From paper to the épicerie

Journalist Julia Sammut opened a shop with delicious food in Marseille. With plenty of Italy...

25-10-2016
Julia Sammut is a French famous gastronomic critic

Julia Sammut is a French famous gastronomic critic who chose a different way to tell about her culinary encounters. This is why Épicerie L'Idéal was born in Rue d'Aubagne in Marseille: a treasure chest full of delicious food which are also turned into dishes to eat on the spot. Ilaria Brunetti’s story for Identità Golose (photo by J. Oppenheim)

After many years spent writing about food, Julia Sammut, famous French gastronomic critic chose to tell about her culinary encounters in a different way. Today, instead of words she prefers tastings, instead of an editorial team she prefers her épicerie with kitchen, a modern shop in the colourful and multiethnic heart of Marseille.

Shy but direct, with an open and luminous smile, Julia has a nice mix of nationalities and strong cultures in her blood: French, Tunisian, Sicilian, Maltese, Jewish. Born in the business – her mother is Reine Sammut, chef and owner of starred restaurant Auberge La Fenière, in Provence, while her father Guy is the soul of the dining room – despite developing a natural passion for food, she initially did not want to take on the road of the restaurant industry. She studies journalism and arrives, ça va sans le dire, to culinary writing, working for Le Fooding, Grazia, Les Echos, Côté Sud

Julia Sammut

Julia Sammut

One day, when driving to yet another interview an idea pops up in her mind, suddenly and unexpectedly: «I want to open an épicerie in Noailles». Seemingly absurd, since she had never desired to have a place of her own, this intention has the strength of a revelation and she cannot get it out of her mind until it becomes true.

Before moving the first step, she spends some time in Paris, in the temple of Italian gastronomy in France, épicerie RAP, beside Alessandra Pierini, whom she still considers her mentor, on top of a friend. She returns to Marseille with even more enthusiasm and determination.

Noailles, a short walk from the Vieux Port, born as the neighbourhood of Marseille’s aristocracy, today is a popular and cosmopolitan area, one of the liveliest in town, where there are many Arab, Asian, Indian shops, delicatessen and restaurants, and the famous marché des Capucins, a multiethnic and chaotic food market. Despite having radically changed over time, this arrondissement has always maintained a strong connection with food, with luxurious delicatessens first, and now exotic flavours from various ethnic cuisines.

«I never saw myself in a restaurant. I see myself here. I wanted to become part of this neighbourhood so rich of history: do you know they used to call it the belly of Marseille?».

In this labyrinth of roads, customs and flavours Julia, with her personal heritage of different cultures, feels at home, and despite a little initial skepticism from those around her, it is here that she openedL’Ideal, her delicatessen with kitchen, last March. A place that took shape almost in a natural way, without previous plans. The décor, handed to Honoré, a firm by two young designers from Marseille, arrived one piece at a time: the tiles, the shelves running from one end to the other, the large table for lunch and breakfast... The idea itself of serving food, which was not foreseen at first, arrived together with Aurelien, the guy who today prepares a few dishes with the extraordinary products from the shop.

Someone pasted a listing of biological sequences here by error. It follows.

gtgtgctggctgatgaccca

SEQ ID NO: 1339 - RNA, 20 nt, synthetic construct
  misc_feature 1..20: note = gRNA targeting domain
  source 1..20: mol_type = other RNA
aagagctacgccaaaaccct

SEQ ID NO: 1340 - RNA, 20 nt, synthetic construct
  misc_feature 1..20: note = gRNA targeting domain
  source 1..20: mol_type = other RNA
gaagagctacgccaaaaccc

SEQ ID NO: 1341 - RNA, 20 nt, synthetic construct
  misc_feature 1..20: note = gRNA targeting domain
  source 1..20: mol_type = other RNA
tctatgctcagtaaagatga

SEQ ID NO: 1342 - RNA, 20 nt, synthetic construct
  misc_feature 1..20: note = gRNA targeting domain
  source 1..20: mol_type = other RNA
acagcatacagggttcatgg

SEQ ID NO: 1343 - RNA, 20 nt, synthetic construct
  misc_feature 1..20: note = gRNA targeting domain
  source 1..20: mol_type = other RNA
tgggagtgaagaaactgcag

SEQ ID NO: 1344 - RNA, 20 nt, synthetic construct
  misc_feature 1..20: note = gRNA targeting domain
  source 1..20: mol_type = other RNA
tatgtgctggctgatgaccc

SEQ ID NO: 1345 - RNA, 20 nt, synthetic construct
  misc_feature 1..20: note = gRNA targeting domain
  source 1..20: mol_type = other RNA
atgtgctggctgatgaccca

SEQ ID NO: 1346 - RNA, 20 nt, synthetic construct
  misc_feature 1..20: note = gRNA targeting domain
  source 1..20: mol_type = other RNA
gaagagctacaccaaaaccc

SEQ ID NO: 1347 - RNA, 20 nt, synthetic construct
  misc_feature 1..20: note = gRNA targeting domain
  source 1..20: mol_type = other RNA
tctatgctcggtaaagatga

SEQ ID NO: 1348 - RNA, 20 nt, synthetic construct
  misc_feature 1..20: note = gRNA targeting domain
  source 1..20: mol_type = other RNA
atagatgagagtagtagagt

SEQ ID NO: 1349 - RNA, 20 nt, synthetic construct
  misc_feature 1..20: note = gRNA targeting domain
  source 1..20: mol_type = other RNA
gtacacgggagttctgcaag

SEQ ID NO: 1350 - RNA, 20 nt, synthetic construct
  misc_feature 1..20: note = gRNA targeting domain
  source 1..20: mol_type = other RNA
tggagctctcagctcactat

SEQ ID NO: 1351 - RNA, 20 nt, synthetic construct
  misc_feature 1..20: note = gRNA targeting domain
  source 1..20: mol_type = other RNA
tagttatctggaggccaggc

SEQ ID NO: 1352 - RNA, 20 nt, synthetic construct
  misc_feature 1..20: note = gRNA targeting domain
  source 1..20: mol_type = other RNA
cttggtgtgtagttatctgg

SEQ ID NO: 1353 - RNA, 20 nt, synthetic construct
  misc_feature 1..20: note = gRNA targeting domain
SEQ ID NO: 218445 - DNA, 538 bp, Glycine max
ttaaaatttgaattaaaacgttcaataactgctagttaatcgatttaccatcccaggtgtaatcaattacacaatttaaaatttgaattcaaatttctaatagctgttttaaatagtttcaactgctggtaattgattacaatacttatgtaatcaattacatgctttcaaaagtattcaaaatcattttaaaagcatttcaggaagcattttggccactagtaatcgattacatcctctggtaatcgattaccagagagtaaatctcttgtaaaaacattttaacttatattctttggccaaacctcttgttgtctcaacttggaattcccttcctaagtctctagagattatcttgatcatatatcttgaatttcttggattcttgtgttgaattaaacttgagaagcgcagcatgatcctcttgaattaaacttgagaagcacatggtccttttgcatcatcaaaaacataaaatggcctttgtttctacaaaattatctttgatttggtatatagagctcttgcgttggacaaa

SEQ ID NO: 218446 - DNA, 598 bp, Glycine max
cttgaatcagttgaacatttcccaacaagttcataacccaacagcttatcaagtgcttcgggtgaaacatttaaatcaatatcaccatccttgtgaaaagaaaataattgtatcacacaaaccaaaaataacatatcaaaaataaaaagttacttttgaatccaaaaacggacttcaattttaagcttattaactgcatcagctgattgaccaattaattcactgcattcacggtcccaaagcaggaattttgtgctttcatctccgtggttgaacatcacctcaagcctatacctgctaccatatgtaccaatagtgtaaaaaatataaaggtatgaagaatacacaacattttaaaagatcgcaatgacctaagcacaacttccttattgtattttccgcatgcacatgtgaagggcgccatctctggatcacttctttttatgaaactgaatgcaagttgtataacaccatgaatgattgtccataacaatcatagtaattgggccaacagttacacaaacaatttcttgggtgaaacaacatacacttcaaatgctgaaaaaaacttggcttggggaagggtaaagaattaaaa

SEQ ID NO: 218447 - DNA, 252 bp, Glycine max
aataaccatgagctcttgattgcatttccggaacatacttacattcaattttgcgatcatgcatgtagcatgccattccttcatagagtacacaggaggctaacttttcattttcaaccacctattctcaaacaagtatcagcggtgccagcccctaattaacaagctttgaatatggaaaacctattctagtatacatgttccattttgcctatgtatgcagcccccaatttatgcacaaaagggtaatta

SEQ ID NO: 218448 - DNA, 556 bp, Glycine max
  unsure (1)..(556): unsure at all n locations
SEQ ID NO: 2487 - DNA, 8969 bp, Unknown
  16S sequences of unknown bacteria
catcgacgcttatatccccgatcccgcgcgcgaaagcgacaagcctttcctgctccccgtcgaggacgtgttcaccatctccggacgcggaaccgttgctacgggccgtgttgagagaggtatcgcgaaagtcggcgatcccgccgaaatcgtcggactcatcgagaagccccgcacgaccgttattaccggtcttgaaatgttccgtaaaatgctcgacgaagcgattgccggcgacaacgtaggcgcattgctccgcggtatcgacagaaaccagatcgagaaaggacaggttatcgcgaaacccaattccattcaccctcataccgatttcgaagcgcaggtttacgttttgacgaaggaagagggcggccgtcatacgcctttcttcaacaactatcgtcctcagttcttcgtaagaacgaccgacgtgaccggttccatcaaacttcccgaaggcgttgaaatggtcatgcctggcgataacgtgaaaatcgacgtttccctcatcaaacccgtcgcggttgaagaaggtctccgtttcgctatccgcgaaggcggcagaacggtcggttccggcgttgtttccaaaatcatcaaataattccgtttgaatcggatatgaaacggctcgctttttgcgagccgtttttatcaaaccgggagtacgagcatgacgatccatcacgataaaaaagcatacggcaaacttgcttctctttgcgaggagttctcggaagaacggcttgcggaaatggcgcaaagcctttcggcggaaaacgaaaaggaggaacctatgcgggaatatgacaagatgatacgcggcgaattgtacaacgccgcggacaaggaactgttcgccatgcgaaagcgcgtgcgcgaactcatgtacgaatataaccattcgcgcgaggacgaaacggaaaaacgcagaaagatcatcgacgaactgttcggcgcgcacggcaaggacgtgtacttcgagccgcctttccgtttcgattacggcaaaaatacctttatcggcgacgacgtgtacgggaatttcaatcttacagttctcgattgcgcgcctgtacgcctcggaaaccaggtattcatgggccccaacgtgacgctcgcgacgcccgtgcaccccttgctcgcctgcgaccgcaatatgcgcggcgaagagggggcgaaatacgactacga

On the big shelves, Julia places every product she’s fallen in love with – because she’s animated by real love – during her career as a journalist, and her most recent discoveries, like the treasures she uncovered this year at Salone del Gusto in Torino, where she took her staff to initiate them to Italian excellences. «I cannot deny my origins, my Sicilian blood. Do you know our house specialty is fish couscous?».

On top of the best products from France and Italy, at L’Ideal you can find some special products from other countries too: English cheese, saké from Japan or Jewish specialties, such as smoked fish or pastrami. In order to conquer her, a product mustn’t only be of high quality, it needs to have a story too, a human side behind the label. «The difference between an excellent lavender honey and the other is made by the producers. The human côté is essential when I’m choosing a product».

The human side is also what makes L’Ideal stand out: while thanks to her mother, Julia developed a palate and learnt to choose the best products, her father taught her the meaning of hospitality and the importance of welcoming a client. In the first three months, L’Ideal attracted a very varied clientele of food lovers, who come here to do their grocery shopping, have a delicious lunch, or coffee, but always to have a great experience.

Contrary to what one may think, Julia didn’t push on communication. Word of mouth is the only publicity she’s looking for. Contrary to journalism, «I no longer need to tell of things I’m not doing, I no longer need to take on a role. I have nothing more to say. Enough with “storytelling”. I’m completely honest. Before, I didn’t feel like myself, now I’m in heaven».

Épicerie L'Idéal
11, Rue d'Aubagne
Marseille (Ier), +33.980.399941


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